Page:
The exciting news is that I saw a torrent of downloads – 9,000 over the two days. The day after, I sold only 5 copies. Big letdown! Yesterday I sold 7, with 2 borrows. Oh well, that’s a little better. But this morning I wake up and RUNNING had sold 30 by 11:00 a.m. A significant improvement. I’ll take those numbers, I figured, particularly if they continue throughout the day. And a Tuesday morning doesn’t typically mean a huge rush to buy ebooks.
As several people have pointed out, the endgame in all this is visibility. Building your brand, and your fan base. Getting yourself higher up on the charts. Getting more reviews. All of this works toward a long-term career as a writer. A writer who writes books worth buying.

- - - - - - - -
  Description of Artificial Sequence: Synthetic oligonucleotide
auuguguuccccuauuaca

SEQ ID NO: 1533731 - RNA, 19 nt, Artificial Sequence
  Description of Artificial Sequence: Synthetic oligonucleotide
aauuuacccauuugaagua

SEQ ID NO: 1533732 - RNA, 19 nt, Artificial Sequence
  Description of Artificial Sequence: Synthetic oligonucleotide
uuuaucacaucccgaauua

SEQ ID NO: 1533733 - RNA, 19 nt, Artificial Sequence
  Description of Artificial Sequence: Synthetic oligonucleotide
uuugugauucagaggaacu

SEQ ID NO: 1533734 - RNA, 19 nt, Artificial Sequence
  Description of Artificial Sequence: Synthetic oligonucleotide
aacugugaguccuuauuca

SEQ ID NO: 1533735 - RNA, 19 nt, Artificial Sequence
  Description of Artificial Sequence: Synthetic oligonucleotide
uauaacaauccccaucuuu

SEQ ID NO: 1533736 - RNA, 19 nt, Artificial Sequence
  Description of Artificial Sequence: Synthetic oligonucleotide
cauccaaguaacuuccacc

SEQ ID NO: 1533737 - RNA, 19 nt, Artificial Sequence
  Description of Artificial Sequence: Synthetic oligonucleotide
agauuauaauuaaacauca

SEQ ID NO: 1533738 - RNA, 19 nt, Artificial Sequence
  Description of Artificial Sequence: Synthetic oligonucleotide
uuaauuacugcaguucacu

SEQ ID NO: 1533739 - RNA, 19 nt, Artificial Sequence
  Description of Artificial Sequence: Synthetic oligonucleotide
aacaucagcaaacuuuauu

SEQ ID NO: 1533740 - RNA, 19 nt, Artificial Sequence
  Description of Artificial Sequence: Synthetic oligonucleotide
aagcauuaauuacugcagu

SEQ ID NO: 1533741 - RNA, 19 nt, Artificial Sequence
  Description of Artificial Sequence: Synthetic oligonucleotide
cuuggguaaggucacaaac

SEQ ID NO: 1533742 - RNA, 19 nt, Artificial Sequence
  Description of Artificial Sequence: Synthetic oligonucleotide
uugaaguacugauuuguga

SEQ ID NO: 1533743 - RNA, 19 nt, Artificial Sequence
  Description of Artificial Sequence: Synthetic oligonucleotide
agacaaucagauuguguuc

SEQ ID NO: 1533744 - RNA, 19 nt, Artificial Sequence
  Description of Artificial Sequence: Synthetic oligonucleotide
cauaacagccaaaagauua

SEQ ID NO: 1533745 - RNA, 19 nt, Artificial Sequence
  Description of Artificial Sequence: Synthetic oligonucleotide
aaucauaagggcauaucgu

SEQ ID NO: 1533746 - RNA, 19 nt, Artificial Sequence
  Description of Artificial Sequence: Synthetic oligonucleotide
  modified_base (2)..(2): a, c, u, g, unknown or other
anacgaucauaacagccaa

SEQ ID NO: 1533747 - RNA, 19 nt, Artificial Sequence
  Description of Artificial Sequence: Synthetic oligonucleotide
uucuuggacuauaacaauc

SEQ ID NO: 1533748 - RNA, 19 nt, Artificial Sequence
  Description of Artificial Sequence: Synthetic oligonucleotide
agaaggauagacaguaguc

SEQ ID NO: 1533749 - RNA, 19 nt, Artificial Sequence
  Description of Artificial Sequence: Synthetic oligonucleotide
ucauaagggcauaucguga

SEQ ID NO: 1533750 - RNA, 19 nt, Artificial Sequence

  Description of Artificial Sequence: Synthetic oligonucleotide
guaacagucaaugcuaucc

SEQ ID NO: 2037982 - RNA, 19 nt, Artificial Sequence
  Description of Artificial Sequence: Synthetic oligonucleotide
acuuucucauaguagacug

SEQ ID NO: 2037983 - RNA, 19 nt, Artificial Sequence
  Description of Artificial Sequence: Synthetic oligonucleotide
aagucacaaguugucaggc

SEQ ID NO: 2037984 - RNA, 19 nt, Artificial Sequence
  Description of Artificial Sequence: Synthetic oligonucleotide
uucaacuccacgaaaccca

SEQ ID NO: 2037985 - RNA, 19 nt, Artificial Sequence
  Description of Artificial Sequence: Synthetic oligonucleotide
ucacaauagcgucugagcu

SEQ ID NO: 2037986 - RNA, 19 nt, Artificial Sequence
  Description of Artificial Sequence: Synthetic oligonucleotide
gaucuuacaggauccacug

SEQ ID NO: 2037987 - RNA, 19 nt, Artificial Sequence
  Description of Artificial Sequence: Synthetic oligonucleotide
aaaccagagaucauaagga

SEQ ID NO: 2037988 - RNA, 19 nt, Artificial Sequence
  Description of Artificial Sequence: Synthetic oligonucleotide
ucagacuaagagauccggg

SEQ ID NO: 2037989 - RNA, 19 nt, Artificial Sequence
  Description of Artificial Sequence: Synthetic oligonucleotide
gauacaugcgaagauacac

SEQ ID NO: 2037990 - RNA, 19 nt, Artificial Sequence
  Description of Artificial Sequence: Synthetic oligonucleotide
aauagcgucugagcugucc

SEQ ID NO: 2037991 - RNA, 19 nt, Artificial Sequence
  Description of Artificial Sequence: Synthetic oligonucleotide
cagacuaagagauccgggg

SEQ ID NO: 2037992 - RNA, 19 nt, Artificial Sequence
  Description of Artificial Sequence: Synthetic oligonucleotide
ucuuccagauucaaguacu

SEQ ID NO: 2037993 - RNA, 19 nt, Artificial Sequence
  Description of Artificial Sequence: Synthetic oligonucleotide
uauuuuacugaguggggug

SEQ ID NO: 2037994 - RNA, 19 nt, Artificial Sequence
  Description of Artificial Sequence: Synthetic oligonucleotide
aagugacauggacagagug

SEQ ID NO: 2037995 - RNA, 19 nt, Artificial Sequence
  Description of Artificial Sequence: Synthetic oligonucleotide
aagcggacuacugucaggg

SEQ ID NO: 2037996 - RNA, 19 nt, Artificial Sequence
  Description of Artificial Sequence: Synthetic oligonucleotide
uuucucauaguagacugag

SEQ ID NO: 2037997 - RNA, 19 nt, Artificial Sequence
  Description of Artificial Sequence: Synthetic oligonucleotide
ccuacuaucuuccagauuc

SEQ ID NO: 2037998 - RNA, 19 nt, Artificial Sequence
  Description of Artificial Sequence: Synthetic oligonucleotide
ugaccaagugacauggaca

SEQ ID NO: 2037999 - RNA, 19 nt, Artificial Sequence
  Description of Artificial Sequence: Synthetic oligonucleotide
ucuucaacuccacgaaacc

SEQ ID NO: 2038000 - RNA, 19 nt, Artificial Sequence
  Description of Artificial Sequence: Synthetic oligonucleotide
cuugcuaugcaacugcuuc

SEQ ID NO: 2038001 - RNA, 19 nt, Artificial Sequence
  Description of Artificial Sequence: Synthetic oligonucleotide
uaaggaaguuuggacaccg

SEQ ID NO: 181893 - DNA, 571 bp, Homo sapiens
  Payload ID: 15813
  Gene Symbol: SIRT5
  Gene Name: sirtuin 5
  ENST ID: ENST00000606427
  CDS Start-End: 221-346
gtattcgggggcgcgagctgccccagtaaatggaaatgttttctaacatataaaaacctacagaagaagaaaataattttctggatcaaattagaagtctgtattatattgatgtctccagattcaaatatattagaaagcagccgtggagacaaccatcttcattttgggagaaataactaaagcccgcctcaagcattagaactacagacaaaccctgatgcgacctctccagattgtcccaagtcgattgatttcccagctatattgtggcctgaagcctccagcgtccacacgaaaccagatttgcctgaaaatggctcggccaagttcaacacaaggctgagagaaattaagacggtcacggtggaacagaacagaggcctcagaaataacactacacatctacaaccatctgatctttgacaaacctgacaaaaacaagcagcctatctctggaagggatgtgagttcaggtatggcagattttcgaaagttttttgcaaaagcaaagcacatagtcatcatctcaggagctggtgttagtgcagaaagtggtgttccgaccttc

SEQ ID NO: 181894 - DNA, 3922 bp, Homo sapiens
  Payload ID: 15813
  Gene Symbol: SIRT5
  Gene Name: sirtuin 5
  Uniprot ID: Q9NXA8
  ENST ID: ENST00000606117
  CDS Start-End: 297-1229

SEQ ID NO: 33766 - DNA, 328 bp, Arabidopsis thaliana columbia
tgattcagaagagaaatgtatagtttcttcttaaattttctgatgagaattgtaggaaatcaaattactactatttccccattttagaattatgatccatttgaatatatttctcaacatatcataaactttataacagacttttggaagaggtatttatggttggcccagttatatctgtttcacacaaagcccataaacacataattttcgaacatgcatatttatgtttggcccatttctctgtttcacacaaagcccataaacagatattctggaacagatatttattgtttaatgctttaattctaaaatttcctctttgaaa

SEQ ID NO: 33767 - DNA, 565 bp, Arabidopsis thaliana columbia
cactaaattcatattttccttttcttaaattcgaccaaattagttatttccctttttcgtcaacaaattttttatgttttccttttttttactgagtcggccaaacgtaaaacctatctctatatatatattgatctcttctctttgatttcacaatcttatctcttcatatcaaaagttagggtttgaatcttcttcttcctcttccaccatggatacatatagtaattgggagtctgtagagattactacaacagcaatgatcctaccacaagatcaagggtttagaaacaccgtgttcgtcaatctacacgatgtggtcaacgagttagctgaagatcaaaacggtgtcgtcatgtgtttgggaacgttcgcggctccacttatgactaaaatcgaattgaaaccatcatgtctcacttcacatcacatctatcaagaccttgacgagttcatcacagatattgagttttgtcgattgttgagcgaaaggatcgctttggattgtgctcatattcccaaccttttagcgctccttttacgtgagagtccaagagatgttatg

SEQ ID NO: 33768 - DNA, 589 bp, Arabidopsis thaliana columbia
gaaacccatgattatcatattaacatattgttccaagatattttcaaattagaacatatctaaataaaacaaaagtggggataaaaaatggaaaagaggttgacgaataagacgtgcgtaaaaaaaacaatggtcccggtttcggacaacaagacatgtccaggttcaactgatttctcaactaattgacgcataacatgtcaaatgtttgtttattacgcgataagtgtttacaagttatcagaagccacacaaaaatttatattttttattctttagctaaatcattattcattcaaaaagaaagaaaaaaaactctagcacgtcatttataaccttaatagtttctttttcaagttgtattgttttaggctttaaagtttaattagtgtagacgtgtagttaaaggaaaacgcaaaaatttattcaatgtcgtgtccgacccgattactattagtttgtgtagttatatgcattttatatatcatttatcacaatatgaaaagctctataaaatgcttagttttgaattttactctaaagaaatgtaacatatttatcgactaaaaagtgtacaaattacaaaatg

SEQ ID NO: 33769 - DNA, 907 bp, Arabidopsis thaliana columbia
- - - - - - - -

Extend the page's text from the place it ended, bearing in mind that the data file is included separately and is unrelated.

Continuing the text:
I should mention that my price point is higher than most self-publishers. My career plan includes being able to live on my income as a writer, so it’s important to me to price my novels up there with Patricia Cornwell, James Patterson, and others who are published traditionally.
So what do I need to do now? GET MORE GOOD NOVELS WRITTEN. I met with my critique partner today to fine-tune the synopsis (before starting to write) of my next thriller, which starts with the abduction of the Secretary of State in some war-torn former Soviet satellite. Action, suspense, romance, sex, bombs, helicopters, international diplomacy, and a strong woman protagonist. I can’t wait!
Oh, and P.S. I sold 66 copies of RUNNING today. A fabulous result.
Do you have yours yet?
Works in Progress
"Sand Song” (a novella set in Hugh Howey’s SANDbox) 8,627 / 10000 words. 87% done!
"The Terminal” (a dark futuristic short) 2383 / 2000 words. 100% done!
“ROCKS 1” (the first episode in a dystopian series) 5675 / 10000 words. 57% done!